Rohit finds out about health impacts
2013 has been a fantastic year so far for ColaLife and our work in Zambia, thanks to our many supporters all over the world. Not only have we won two major awards, but the first solid data is coming in from our midline evaluation and it is looking promising.
Going out into the field is a challenge – with treacherous roads and 12 hour days; setting off at dawn and returning after dark. Yet, in all, our survey team of 20 local enumerators and their supervisors visited over 2,500 households and nearly 80 of our retailers.
Our evaluation is being managed by UNICEF Zambia and executed in the field by a local organization called RuralNet Associates. The evaluation was designed and is being led by ColaLife's Public Health Advisor and our Canadian Principal Investigator, Rohit Ramchandani, who is using the research as the basis for his doctoral thesis at the Johns Hopkins Bloomberg School of Public Health in Baltimore, Maryland, USA.
The midline data is in the process of being analyzed, but here's an early glimpse especially for our GlobalGiving supporters:
- Of those children in our intervention districts who had diarrhoea in the 2 weeks preceding the survey, 43% used Kit Yamoyo. We are really pleased with this coverage, for such a new product.
- We also found, as suspected, that mothers who use traditional 1 litre sachets of Oral Rehyration Salts, have trouble measuring it correctly - only around half our respondents did. On the other hand, Kit Yamoyo makes it very easy to measure an appropriate amount for a child, at exactly the right concentration
- Kit Yamoyo supplies an essential micro-nutrient - Zinc - and this is leading to an increase in use. Nearly all of those who gave their children Zinc from Kit Yamoyo were doing so for the first time.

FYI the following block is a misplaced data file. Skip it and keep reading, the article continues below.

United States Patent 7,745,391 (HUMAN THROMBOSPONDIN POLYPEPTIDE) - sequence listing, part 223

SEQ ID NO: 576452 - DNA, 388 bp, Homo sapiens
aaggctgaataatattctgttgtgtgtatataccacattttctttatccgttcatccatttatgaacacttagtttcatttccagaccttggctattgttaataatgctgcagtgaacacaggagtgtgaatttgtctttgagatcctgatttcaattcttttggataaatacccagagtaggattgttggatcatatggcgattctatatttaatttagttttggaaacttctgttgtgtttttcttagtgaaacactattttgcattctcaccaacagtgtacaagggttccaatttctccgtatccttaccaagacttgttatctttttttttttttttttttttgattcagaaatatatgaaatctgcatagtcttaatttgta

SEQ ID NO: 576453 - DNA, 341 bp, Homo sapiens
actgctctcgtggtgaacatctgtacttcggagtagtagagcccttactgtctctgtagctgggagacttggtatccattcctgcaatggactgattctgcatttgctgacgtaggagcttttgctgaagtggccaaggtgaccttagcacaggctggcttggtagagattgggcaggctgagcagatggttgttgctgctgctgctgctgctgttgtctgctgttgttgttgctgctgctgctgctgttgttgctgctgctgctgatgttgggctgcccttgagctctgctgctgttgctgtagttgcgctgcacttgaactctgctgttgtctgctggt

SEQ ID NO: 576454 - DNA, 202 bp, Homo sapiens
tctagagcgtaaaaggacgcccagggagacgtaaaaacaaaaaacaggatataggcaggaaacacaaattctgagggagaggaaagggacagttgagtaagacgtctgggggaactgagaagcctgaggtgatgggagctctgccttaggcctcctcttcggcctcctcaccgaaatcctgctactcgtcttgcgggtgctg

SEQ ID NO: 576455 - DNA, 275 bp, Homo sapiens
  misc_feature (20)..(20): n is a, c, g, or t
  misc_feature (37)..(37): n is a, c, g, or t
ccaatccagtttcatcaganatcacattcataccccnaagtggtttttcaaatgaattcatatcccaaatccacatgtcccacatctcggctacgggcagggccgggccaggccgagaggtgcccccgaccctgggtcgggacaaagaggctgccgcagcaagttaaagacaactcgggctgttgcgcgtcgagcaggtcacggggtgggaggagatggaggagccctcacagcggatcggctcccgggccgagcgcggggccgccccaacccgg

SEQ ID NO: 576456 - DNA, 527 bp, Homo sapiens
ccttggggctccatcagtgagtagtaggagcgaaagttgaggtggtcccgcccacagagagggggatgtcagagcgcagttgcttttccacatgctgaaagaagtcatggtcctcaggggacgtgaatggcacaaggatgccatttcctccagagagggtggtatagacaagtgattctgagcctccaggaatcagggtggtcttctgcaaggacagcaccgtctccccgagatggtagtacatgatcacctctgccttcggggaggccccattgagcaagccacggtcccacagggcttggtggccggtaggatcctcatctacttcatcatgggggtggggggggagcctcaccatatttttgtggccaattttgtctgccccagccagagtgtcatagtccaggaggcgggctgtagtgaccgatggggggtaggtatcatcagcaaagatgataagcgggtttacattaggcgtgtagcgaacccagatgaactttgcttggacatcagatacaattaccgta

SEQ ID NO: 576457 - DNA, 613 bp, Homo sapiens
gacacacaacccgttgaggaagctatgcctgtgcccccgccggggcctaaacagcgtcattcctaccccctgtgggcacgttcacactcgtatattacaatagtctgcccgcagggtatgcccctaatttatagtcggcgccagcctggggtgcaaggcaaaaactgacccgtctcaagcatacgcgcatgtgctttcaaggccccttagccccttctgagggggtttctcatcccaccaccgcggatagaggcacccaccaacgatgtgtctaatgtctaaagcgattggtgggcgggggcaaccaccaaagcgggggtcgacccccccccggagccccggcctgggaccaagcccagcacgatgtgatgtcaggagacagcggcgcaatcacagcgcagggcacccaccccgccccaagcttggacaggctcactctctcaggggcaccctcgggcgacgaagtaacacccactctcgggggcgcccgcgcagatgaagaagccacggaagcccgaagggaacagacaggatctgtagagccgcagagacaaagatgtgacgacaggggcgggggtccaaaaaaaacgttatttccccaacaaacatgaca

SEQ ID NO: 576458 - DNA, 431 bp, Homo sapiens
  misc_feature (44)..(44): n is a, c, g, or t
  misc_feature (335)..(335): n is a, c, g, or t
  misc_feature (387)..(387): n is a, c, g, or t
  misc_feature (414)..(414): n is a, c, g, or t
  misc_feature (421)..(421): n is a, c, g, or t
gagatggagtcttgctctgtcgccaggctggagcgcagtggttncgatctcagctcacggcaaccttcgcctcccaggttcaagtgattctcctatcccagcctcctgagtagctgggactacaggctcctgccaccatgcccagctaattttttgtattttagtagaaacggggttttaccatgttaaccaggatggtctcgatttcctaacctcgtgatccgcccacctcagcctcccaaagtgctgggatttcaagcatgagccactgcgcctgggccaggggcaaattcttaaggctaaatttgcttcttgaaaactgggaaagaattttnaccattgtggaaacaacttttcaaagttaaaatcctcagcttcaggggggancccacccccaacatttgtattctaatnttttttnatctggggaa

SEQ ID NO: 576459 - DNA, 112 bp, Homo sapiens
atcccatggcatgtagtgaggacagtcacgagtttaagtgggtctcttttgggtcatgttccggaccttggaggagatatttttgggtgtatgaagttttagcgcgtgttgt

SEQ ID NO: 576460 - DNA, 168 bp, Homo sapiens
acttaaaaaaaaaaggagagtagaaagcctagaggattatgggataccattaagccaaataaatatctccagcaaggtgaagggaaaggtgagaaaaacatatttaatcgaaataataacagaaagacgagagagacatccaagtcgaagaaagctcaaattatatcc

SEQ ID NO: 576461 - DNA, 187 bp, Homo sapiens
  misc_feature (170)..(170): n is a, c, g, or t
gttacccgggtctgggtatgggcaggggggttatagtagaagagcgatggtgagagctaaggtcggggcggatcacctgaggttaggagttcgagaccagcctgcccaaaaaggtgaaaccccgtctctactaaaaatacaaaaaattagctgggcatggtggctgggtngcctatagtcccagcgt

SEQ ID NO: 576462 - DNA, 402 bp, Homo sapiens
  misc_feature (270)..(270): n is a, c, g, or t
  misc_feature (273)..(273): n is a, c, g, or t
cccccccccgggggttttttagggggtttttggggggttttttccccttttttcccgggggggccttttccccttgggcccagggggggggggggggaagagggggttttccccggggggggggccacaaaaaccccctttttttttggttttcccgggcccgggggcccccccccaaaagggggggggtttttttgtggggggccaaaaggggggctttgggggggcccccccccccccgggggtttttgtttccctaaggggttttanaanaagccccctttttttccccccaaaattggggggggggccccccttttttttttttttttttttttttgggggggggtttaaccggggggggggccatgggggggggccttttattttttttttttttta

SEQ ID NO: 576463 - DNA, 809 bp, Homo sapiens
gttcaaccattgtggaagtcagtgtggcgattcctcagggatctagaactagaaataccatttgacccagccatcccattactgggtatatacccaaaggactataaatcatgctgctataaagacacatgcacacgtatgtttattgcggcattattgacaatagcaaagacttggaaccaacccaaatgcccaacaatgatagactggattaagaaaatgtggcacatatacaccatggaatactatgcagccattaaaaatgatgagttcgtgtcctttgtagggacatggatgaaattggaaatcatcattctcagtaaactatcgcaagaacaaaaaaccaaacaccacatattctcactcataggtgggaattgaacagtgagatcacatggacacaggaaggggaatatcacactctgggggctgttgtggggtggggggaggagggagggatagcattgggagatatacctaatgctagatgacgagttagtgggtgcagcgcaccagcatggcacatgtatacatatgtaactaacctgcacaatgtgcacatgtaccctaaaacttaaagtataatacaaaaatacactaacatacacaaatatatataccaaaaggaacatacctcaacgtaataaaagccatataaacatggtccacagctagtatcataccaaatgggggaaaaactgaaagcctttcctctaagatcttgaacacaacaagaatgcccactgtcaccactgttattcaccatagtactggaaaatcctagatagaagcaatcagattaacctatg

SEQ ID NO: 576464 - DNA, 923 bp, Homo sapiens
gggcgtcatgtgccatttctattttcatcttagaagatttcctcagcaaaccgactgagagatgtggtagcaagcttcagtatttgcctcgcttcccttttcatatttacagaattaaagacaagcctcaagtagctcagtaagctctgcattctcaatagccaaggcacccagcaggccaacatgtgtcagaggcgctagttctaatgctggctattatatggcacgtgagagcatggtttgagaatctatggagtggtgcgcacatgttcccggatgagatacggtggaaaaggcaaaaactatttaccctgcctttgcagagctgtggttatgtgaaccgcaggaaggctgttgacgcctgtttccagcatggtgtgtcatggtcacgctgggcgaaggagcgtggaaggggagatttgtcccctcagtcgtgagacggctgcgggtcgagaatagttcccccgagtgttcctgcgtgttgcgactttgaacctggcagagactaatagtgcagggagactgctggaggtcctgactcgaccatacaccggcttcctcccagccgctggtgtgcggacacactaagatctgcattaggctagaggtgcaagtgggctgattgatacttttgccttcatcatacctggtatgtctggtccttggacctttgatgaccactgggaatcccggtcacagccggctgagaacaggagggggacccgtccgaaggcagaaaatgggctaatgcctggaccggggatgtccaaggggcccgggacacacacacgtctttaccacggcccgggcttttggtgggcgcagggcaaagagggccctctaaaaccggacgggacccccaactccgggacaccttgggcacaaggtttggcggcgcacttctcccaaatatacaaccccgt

Since we began distributing Kit Yamoyo in September 2012, the retailers we have trained have bought over 21,000 of our ‘Kit Yamoyo’ AidPods – in two of the most rural and under-served districts in Zambia, where the public sector really struggles to get medicines distributed. This represents total micro-retailer investment of 80,000 Kwacha (or just under $15,000). Three quarters of our retailers said they had Kit Yamoyo in stock at the time of the survey; this is very encouraging in a country where stock outs are common in local clinics, and where mothers have to carry their sick children long distances, only to find there is no medicine available.
It is easy to see why our retailers are investing their limited resources in ‘Kit Yamoyo’: not only is it helping to address the number one concern in their communities – childhood diarrhoea – but also each one is earning on average $14 a month gross profit. That's a lot in a rural household - and can mean the difference between well-nourished and under-nourished children. Our top retailers are earning an astounding $50-$70 a month gross profit. Our aim is to encourage this independence and sustainability for the long term.
It's not always easy getting started!
The road has disappeared!
Interviewing a retailer behind his shop
Interviewing a rural mother
A mother gives her child Kit Yamoyo ORS